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Heterogeneous Metal Catalysis for the Environmentally Benign Synthesis of Medicinally Important Scaffolds, Intermediates, and Building Blocks

[ Vol. 25 , Issue. 20 ]

Author(s):

Maysa Ilamanova, Maxim Mastyugin, Christian Schäfer, Anne Kokel and Béla Török*   Pages 2304 - 2330 ( 27 )

Abstract:


This account provides a broad overview of the application of solid metal catalysts in synthetic chemistry with a focus on the synthesis of medicinally important scaffolds or building blocks. Heterogeneous catalysis is a fundamental contributor to green or sustainable synthesis. Despite this, many synthetic chemists overwhelmingly focus on homogeneous methods, and due to their unfamiliarity with solid catalysts, many would not consider using them. The primary purpose of this work is to bring solid catalysts and their application possibilities to the attention of synthetic chemists in a format that focuses on reactions, thus building a bridge between the two sides for the benefit of sustainable applications and, eventually, the whole society. The two major parts of this account describe the common types of solid metal catalysts and the applications of these catalysts in sustainable synthesis. The first part gives an overview of the major types of solid metal catalysts, including common hydrogenation catalysts to metal nanoparticles. The second and more extensive part illustrates the use of these catalysts in a thematic order based on reaction types, including hydrogenation, hydrogenolysis, oxidation, metathesis, cross-coupling reactions, and hydroformylation.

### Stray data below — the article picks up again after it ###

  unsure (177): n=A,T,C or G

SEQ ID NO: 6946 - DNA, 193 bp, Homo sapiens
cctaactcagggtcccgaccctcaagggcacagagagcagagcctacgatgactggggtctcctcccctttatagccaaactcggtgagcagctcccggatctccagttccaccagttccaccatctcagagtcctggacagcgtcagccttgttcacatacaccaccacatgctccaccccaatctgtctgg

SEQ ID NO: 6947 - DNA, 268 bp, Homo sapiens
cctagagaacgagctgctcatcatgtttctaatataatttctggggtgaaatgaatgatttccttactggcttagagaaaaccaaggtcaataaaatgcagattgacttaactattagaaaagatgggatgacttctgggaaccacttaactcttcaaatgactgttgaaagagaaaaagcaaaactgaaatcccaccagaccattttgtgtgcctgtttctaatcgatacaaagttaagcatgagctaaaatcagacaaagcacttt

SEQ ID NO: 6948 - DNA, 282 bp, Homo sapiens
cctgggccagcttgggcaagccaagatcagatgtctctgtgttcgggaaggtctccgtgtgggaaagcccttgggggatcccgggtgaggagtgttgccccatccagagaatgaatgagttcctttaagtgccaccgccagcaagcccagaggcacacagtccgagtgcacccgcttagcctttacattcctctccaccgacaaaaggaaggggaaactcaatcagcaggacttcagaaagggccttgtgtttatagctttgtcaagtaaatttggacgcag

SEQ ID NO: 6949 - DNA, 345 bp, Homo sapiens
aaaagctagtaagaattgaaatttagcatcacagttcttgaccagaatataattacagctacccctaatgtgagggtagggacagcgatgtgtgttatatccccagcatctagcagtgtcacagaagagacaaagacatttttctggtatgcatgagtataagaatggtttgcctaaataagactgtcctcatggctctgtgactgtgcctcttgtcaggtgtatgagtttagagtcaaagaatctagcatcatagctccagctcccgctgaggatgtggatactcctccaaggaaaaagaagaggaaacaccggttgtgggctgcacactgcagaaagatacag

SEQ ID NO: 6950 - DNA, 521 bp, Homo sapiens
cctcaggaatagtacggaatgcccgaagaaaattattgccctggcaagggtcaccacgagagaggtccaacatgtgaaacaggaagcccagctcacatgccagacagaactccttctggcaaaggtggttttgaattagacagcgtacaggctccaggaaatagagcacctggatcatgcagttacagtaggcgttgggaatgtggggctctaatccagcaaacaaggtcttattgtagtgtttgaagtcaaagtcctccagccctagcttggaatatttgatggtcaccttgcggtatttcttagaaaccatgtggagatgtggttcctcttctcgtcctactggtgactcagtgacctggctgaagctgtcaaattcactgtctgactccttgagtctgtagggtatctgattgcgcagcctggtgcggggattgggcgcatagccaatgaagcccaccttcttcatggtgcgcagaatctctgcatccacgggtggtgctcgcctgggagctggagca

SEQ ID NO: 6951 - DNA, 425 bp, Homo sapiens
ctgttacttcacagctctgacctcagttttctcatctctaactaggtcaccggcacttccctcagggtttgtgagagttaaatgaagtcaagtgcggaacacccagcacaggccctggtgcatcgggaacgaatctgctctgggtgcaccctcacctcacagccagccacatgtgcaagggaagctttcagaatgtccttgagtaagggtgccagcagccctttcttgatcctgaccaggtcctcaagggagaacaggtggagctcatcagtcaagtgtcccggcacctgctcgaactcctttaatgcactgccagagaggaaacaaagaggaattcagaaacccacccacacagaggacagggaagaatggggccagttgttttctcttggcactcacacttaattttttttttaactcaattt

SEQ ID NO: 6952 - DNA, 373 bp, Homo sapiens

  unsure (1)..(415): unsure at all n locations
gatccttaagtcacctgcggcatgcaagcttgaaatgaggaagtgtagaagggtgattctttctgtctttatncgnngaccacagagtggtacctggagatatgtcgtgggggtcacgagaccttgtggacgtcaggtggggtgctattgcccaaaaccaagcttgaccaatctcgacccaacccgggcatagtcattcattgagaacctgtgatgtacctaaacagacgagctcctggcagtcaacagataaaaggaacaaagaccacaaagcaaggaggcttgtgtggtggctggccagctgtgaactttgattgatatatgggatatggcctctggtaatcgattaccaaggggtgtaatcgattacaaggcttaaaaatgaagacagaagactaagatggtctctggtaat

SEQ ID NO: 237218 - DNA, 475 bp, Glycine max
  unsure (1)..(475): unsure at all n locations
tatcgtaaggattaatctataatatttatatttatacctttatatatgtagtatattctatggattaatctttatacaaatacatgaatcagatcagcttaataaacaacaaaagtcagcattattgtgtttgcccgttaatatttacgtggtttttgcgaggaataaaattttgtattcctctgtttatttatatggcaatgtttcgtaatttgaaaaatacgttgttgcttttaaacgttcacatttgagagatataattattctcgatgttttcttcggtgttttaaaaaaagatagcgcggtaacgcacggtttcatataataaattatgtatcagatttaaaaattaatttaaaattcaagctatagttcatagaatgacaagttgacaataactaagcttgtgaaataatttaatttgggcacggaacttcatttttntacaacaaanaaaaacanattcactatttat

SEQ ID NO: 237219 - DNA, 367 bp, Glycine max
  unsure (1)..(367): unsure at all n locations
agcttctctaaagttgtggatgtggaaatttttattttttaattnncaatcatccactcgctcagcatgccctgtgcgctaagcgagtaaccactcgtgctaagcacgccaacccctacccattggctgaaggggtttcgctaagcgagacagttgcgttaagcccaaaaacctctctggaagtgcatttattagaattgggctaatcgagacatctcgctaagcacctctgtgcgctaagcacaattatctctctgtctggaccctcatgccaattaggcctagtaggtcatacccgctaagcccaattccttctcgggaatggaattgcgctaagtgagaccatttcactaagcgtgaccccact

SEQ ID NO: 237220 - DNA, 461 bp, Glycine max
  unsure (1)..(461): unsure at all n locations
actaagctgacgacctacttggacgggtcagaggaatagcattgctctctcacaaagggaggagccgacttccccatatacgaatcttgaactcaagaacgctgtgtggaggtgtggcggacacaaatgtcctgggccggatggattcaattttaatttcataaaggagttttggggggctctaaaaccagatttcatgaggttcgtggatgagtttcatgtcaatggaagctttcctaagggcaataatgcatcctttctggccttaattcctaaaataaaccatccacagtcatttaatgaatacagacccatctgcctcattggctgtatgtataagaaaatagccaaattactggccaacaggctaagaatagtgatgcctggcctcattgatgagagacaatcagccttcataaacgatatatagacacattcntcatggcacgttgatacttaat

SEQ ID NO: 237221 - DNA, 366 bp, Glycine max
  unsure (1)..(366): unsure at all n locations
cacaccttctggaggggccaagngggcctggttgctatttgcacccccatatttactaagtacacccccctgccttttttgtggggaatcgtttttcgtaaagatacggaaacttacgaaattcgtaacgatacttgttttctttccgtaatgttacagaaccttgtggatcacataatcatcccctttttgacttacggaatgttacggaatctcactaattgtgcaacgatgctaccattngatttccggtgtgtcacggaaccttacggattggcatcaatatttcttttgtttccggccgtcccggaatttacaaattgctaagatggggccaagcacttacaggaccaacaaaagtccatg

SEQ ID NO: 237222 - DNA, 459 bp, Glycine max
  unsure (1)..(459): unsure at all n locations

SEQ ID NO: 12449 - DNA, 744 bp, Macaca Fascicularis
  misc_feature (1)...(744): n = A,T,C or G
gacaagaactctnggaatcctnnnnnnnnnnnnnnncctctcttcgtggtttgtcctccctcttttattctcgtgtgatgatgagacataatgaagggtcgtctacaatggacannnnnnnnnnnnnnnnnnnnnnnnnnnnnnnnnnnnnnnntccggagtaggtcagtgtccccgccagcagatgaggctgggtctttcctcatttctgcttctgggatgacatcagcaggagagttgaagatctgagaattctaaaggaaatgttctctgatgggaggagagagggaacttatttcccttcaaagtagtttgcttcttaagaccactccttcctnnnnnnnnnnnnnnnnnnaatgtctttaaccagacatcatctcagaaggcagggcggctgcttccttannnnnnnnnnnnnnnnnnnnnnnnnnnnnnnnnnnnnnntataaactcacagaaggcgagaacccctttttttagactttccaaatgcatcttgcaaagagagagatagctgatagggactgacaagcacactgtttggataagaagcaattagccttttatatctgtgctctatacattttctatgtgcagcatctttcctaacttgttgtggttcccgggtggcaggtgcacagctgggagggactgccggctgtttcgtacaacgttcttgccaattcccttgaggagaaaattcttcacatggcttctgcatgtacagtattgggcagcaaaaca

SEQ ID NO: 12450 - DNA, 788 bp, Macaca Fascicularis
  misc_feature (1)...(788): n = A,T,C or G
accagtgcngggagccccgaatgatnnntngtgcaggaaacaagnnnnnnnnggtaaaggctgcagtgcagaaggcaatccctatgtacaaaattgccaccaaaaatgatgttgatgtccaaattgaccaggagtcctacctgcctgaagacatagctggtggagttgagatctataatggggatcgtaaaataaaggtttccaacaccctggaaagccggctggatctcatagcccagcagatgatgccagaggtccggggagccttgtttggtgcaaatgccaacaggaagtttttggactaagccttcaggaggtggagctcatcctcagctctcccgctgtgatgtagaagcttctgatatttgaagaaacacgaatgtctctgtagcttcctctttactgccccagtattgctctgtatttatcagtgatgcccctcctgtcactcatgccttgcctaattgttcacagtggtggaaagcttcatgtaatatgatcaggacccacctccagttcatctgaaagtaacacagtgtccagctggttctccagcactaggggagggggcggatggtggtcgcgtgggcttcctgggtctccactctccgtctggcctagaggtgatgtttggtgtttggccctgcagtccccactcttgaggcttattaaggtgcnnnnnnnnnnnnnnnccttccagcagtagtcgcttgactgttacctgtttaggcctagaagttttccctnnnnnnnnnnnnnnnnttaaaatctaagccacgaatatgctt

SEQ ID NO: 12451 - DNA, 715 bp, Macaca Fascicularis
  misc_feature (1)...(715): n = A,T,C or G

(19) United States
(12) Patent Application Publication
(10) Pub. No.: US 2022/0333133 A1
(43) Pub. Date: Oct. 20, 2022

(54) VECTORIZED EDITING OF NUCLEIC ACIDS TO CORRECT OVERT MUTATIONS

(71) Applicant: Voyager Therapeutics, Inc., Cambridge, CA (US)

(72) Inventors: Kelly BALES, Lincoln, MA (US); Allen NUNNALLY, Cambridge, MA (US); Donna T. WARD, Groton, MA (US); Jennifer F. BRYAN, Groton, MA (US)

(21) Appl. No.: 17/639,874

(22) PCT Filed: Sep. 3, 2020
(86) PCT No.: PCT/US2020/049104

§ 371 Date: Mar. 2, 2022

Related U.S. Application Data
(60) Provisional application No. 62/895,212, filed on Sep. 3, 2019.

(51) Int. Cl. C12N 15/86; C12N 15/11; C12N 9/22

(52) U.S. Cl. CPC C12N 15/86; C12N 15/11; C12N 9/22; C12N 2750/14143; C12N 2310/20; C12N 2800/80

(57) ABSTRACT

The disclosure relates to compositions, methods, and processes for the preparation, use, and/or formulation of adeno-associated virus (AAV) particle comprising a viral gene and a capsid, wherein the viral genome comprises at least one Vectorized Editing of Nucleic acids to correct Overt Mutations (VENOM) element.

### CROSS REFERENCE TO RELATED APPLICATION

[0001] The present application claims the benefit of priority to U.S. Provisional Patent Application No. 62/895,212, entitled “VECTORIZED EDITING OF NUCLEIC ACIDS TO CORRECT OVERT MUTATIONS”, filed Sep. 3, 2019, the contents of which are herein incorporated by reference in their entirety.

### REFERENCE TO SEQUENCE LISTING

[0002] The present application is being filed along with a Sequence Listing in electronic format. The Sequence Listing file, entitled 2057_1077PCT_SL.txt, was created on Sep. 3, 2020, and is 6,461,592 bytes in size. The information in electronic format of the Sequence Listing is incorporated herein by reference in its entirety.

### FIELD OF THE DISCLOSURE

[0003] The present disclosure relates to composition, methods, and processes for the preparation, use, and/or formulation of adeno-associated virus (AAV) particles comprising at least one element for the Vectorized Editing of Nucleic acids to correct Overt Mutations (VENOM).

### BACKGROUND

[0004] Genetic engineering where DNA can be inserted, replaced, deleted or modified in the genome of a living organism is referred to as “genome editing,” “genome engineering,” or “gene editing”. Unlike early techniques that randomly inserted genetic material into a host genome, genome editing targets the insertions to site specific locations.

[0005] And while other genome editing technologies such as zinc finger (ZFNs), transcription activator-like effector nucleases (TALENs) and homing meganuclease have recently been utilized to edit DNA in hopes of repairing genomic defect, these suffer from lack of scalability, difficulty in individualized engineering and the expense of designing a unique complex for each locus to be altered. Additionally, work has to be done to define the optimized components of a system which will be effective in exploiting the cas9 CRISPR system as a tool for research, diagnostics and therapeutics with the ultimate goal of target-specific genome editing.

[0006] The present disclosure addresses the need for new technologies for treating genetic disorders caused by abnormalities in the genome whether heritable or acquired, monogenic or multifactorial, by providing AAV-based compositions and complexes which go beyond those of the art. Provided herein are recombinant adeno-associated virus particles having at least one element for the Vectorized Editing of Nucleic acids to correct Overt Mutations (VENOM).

Keywords:

Heterogeneous catalysis, solid metal catalysts, hydrogenation, hydrogenolysis, oxidation, metathesis, cross-coupling reactions, hydroformylation.

Affiliation:

Department of Chemistry, University of Massachusetts Boston, 100 Morrissey Blvd. Boston, MA 02125, Department of Chemistry, University of Massachusetts Boston, 100 Morrissey Blvd. Boston, MA 02125, Department of Chemistry, University of Massachusetts Boston, 100 Morrissey Blvd. Boston, MA 02125, Department of Chemistry, University of Massachusetts Boston, 100 Morrissey Blvd. Boston, MA 02125, Department of Chemistry, University of Massachusetts Boston, 100 Morrissey Blvd. Boston, MA 02125

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